The Original Cyberpunk is celebrating 40 years of an original American literary style by putting together a special edition of Stupefying Stories dedicated to cyberpunk.
The question here for SF writers is: okay, posit that our students now all have Rocketbooks. We know what it’s designed to do and how it’s supposed to be used. Now, how will our characters misuse it, for things they aren’t supposed to do?
That, to me, remains the core question of cyberpunk. What makes a technology disruptive isn’t using it in the way the people who created it intended it should be used. Those people can only think of the right way to use a thing. The disruption comes later, when the people who grew up living with that technology start thinking of all the wrong ways to use it. When this happens, they come up with misuses the creators never dreamed might be possible, because the creators lack the fluency of someone who has grown up speaking the language of the thing.
So in 1980 I asked myself: in this bright and shiny high-tech future that’s coming in fast and hard, how are socially maladjusted younger people—let’s call them “punks”—living at the bottom of the socioeconomic food chain, going to misuse this tech to get an edge over the eloi living above them?
Then I wrote a story that tried to explore one possible answer to this question.
Sidebar: Do I really need to explain again how between 1980 and 1982 this story was read and rejected by every short-fiction editor then working in SF publishing, and it most often came back with the standard, “Nice try kid, real close,” quasi-personal brush-off so often given to young and unknown writers?
Cyberpunk science fiction blossomed brilliantly and failed rapidly in the late 1980s to early 1990s, because the same thing happened to cyberpunk as happens to every other successful new thing in any branch of pop culture. At first it was a wonderful breath of fresh air into a stale and dying genre, as scores of new people with new talents and new ideas flooded into writing SF. Then publishers fixated on the commercial success of Neuromancer, and in a few short years cyberpunk fiction went from being something unexpected, fresh, and wildly original to being a trendy fashion statement—to being the flavor of the month—to being a hoary trope, complete with a set of stylistic markers and time-honored forms as immutable as an IEEE standard, to which one must pay heed if one is to write True Cyberpunk. It became, for the most part, Neuromancer fanfic, and the market was soon glutted with an enormous amount of “me too” work that copied the style of the genre’s pioneers but added nothing new to the vocabulary.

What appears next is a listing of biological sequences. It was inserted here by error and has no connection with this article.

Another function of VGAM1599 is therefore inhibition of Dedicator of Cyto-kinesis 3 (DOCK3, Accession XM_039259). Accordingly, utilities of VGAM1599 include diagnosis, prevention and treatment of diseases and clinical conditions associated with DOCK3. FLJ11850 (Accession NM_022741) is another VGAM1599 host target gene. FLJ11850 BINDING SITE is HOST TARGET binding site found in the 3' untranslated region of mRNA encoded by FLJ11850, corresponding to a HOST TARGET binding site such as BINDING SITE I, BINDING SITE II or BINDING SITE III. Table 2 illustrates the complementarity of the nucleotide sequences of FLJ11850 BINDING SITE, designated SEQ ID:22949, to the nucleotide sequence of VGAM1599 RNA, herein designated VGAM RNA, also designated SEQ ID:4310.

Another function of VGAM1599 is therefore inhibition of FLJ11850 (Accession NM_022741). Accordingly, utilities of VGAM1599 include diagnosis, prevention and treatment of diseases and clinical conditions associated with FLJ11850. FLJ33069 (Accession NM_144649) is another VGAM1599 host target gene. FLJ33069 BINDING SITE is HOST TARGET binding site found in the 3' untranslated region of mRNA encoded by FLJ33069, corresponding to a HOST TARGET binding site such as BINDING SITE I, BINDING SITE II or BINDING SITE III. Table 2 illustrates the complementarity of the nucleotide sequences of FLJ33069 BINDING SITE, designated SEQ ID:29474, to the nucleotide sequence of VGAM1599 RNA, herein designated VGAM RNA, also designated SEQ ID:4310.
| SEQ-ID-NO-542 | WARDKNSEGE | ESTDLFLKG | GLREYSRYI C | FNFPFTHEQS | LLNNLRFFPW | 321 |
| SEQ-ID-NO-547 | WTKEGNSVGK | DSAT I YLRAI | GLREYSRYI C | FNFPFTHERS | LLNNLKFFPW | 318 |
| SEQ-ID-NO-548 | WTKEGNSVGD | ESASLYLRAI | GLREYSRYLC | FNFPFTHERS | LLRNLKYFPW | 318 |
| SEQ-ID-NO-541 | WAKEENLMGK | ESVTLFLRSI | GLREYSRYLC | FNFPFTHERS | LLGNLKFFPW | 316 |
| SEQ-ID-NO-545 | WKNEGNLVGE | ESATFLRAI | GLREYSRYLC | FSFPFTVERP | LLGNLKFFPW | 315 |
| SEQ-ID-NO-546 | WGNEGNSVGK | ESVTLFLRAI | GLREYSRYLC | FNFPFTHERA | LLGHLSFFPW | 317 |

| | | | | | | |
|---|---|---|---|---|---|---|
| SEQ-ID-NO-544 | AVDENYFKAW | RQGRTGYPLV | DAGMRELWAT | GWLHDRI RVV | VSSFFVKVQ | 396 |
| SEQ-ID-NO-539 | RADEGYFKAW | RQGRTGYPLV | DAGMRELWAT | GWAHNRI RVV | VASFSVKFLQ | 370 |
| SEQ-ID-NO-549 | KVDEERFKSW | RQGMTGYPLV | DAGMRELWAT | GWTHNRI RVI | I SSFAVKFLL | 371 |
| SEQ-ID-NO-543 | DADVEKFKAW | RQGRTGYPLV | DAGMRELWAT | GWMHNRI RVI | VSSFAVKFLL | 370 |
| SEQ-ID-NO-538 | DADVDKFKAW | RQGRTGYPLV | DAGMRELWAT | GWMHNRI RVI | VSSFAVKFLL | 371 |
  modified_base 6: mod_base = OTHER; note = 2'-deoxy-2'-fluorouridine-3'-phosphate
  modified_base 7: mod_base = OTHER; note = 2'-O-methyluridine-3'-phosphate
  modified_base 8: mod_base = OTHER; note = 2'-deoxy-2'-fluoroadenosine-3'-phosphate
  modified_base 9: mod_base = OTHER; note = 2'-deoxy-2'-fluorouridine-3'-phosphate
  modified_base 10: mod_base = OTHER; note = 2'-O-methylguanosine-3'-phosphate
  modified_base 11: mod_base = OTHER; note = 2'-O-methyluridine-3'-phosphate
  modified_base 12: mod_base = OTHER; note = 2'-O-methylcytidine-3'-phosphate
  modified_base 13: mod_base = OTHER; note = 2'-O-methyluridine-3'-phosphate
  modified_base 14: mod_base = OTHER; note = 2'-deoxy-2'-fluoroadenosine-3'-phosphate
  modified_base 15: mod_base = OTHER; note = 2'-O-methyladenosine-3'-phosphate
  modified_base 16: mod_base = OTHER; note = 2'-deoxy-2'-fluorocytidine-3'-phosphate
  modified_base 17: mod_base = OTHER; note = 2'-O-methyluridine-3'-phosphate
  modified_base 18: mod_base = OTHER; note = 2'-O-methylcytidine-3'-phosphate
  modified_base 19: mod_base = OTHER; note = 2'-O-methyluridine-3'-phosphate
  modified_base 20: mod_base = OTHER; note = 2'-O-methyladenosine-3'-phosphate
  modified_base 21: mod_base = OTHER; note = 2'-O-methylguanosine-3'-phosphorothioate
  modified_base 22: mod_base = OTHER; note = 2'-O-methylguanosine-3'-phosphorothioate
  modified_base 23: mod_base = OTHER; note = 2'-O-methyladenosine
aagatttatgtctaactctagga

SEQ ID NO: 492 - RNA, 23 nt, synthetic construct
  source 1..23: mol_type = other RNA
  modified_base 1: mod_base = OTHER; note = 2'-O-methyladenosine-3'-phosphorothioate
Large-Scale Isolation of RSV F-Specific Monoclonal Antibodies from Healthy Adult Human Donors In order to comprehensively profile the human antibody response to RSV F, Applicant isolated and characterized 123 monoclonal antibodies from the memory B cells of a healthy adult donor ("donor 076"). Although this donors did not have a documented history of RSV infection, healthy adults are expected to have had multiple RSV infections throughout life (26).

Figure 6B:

Whereupon cyberpunk fiction, as a genre, suffocated on its own vomit and died.
Now it’s 2023, and the 40th anniversary of the first magazine publication of “Cyberpunk” is fast approaching. It feels necessary to do something to mark the occasion, so right now we’re reading submissions for an all-cyberpunk issue of Stupefying Stories. No grand ambitions, this time. No book proposals. To do something like Cyberpunk 2.0 now would require either the backing of a major publisher, which I’m unlikely to get, or a Kickstarter campaign the likes of which I have neither the time, patience, or knowledge to run. Even if we were to start working on it right now, we couldn’t possibly have Cyberpunk 2.0 finished and released before the summer of 2024.
So a special issue of Stupefying Stories it is, then. And what I would truly, deeply, dearly love to see in my submissions inbox are at least a few stories that don’t try to recapitulate the 1980s vision of cyberpunk, but instead start fresh, from the baseline of now.
Like many writers my age, some of my earliest attempts at fiction were heavily influenced by Burning Chrome(1), Count Zero(2), and Mona Lisa Overdrive, though most of them were never finished and none survived the transition from my Mac SE through the various PCs I’ve owned.
But I’ll be making a submission to the Cyberpunk Special Edition, and if you’re one of the established or aspiring authors in the wider Castalia community and its tangential environs, I hope you will too.
(1) This was very nearly the name of a certain techno band.
(2) Yep. That was indeed the reference. We were recording soundtracks to books before we were doing them for games and movies.